Joanna Campbell Slan said...

Jackie, I have a copy of that somewhere. This has inspired me to start unpacking my boxes of books so I can see and re-read my old friends.

Dru said...

I don't re-read a book, but I will re-skim a book,focusing on the parts that I liked.

Susie Q said...

Yes I will re-read a book. We moved a LOT when we were growing up and one of the first things we did when getting to a new town was utilities, new driver's license for mom and library cards for us. No matter where we lived, I could also count on walking into that library and finding my 'friends' and they would introduce me to new friends...and God bless eternally the librarian who saw me walking out with a stack of books that were really too young for me and introducing me to young adult and early teen fiction. She was a lifesaver that year.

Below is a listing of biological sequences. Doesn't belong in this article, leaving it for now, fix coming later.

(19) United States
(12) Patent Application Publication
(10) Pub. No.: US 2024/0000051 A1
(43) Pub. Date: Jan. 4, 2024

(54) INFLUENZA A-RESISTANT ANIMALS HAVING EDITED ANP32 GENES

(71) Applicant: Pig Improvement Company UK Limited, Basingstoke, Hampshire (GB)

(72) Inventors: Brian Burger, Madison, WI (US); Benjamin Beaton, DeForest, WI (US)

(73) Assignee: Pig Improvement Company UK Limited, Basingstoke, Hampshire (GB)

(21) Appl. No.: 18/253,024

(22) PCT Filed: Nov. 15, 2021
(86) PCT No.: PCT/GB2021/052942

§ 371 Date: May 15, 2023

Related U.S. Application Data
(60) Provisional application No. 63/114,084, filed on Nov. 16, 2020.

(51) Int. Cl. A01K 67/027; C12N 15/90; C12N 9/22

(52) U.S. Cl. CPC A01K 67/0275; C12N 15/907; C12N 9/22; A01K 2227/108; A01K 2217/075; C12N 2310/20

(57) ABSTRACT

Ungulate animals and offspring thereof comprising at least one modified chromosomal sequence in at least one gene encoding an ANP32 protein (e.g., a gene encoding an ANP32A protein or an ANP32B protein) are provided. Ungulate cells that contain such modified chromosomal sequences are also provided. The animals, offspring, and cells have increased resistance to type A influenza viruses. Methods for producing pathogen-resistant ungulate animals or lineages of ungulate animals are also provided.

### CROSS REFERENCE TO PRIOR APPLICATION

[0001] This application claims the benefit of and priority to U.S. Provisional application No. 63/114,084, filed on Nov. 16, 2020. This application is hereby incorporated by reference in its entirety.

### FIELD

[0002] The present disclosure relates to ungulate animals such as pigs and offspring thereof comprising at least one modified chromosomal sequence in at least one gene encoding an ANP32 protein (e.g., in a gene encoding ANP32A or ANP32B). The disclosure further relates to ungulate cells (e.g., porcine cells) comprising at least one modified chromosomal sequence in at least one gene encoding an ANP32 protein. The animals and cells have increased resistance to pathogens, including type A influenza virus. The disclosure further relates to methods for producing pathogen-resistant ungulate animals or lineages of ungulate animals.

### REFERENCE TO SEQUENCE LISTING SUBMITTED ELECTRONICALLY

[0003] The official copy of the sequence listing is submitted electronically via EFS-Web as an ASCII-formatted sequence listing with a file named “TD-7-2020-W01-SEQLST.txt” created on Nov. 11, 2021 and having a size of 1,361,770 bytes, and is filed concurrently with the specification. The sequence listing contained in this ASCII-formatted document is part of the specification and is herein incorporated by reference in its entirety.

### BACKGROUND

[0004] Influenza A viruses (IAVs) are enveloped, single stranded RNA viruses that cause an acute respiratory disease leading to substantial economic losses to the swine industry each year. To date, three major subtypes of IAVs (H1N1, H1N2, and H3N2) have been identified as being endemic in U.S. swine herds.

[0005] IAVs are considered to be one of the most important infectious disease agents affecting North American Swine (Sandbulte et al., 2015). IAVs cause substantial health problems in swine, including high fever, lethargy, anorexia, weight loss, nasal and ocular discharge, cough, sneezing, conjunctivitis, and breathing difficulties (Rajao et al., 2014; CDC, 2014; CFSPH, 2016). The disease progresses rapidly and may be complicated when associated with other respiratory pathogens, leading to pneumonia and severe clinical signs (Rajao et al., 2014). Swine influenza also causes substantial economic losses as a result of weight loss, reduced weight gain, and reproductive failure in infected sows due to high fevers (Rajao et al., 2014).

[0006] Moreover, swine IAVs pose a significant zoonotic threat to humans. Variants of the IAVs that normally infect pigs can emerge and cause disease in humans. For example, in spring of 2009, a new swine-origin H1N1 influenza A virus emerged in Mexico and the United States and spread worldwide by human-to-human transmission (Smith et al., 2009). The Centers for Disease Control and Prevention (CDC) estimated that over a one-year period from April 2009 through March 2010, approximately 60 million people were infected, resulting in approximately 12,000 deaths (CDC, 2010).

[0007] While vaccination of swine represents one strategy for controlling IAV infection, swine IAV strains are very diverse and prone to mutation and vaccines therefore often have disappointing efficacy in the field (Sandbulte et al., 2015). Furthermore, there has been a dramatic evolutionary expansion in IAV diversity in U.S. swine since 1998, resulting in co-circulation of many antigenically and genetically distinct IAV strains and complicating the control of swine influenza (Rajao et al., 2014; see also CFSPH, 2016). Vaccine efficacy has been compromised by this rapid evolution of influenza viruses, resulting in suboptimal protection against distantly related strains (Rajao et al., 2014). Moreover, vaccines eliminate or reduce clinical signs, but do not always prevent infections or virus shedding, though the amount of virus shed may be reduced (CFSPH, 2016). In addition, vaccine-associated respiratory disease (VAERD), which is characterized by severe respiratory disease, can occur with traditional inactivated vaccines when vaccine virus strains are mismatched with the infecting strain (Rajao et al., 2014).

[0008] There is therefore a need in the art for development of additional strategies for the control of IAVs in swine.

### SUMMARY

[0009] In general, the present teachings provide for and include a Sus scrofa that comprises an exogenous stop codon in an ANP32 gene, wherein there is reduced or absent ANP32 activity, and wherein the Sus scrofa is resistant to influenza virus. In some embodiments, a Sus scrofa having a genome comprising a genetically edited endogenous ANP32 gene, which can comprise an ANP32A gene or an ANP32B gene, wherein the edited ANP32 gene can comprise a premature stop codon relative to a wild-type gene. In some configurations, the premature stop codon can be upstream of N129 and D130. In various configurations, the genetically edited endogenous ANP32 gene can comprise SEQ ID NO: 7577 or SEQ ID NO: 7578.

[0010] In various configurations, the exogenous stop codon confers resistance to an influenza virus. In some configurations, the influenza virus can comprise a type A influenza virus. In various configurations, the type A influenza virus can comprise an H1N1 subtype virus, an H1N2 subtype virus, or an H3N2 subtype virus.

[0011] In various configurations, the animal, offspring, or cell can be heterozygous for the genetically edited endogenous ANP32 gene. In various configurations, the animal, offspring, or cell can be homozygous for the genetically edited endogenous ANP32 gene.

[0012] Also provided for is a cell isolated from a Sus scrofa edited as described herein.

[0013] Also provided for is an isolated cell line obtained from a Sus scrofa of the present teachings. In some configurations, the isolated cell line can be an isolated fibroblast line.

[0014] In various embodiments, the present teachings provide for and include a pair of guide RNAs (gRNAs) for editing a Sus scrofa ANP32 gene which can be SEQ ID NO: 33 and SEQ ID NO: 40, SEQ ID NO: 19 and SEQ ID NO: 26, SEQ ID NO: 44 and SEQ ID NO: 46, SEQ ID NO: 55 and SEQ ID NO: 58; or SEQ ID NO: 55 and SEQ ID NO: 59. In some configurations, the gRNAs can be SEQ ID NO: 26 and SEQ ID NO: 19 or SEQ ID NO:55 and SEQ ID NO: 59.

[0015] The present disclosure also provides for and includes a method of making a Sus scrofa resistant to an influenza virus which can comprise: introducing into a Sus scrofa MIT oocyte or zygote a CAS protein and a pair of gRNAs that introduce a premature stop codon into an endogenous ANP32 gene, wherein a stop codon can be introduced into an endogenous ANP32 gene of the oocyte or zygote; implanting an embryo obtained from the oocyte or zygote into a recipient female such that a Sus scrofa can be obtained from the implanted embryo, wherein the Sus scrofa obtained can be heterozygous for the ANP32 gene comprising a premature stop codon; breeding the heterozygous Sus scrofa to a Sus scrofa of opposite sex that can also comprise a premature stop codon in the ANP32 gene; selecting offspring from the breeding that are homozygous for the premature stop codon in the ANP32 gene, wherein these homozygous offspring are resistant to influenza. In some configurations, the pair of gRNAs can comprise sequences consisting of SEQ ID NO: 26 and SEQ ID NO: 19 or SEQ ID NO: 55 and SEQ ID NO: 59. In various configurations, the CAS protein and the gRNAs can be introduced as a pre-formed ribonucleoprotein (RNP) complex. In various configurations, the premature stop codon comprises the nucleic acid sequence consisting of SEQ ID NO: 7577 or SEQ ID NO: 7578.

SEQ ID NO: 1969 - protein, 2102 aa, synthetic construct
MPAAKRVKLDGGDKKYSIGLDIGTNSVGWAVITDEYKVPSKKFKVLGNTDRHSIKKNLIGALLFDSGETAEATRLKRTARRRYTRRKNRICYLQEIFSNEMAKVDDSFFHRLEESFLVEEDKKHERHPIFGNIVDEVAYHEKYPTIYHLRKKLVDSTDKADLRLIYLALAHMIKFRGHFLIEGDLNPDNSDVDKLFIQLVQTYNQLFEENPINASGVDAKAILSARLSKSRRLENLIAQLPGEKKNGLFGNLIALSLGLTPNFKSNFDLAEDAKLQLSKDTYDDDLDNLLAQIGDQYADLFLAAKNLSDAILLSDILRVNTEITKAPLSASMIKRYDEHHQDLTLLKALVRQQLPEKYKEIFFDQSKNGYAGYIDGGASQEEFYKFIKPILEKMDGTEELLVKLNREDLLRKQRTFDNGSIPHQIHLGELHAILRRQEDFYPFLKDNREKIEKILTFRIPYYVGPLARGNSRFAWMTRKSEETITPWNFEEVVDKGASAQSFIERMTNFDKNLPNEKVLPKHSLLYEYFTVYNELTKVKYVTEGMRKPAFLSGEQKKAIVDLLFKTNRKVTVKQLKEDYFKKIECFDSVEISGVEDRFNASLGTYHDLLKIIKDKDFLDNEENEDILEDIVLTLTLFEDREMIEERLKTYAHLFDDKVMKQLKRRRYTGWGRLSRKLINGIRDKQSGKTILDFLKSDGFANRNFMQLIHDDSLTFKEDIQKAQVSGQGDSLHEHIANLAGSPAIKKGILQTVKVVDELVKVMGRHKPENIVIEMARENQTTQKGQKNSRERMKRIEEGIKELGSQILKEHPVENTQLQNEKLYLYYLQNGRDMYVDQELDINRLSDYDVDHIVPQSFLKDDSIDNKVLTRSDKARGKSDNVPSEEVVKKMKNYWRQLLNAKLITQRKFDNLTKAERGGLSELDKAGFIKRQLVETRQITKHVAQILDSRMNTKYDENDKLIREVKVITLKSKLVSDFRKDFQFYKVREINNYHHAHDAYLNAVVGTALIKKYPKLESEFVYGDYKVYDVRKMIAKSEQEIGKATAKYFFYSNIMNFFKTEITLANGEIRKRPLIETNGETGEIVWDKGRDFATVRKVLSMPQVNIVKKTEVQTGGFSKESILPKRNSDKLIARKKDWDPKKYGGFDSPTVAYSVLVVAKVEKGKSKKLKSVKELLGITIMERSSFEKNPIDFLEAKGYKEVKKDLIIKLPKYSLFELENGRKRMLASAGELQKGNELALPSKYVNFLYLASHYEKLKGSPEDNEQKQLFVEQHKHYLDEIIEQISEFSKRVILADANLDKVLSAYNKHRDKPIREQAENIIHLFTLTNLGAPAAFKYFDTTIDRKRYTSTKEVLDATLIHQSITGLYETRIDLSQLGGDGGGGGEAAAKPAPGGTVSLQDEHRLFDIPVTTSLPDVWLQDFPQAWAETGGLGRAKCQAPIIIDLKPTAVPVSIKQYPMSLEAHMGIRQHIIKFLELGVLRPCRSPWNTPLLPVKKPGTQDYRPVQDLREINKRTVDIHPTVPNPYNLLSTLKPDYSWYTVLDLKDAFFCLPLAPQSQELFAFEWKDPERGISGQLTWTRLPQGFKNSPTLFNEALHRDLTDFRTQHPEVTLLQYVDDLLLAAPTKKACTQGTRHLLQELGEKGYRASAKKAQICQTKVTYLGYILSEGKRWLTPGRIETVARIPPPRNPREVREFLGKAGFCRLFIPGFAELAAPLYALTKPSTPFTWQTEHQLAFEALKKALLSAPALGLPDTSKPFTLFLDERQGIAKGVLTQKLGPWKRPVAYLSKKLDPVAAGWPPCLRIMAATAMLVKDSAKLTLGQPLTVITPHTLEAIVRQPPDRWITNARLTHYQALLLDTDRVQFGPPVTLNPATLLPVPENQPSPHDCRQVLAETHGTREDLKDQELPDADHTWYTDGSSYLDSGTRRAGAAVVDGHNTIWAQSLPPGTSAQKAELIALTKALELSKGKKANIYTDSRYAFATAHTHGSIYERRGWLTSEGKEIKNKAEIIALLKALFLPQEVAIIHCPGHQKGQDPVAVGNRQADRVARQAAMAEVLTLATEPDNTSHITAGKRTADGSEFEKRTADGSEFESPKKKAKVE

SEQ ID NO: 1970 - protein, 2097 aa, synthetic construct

Betty Hechtman said...

I like your choice of books. I loved Jane Eyre and A Tree Grows in Brooklyn. I haven't read the Joan Rivers book, but after your description would like to look at it.

Joanna Campbell Slan said...

Thanks to all of you! The winner is Jackie. If you will contact me, Jackie, I'll see that you get your copy of Joan Rivers' book.

Joanna Campbell Slan said...

Dru, re-skimming is a smart idea.

Susie Q, the first thing I do whenever I move is get a library card. That's what I did in the UK and here. It's a great way to keep up with "friends" on the bookshelves.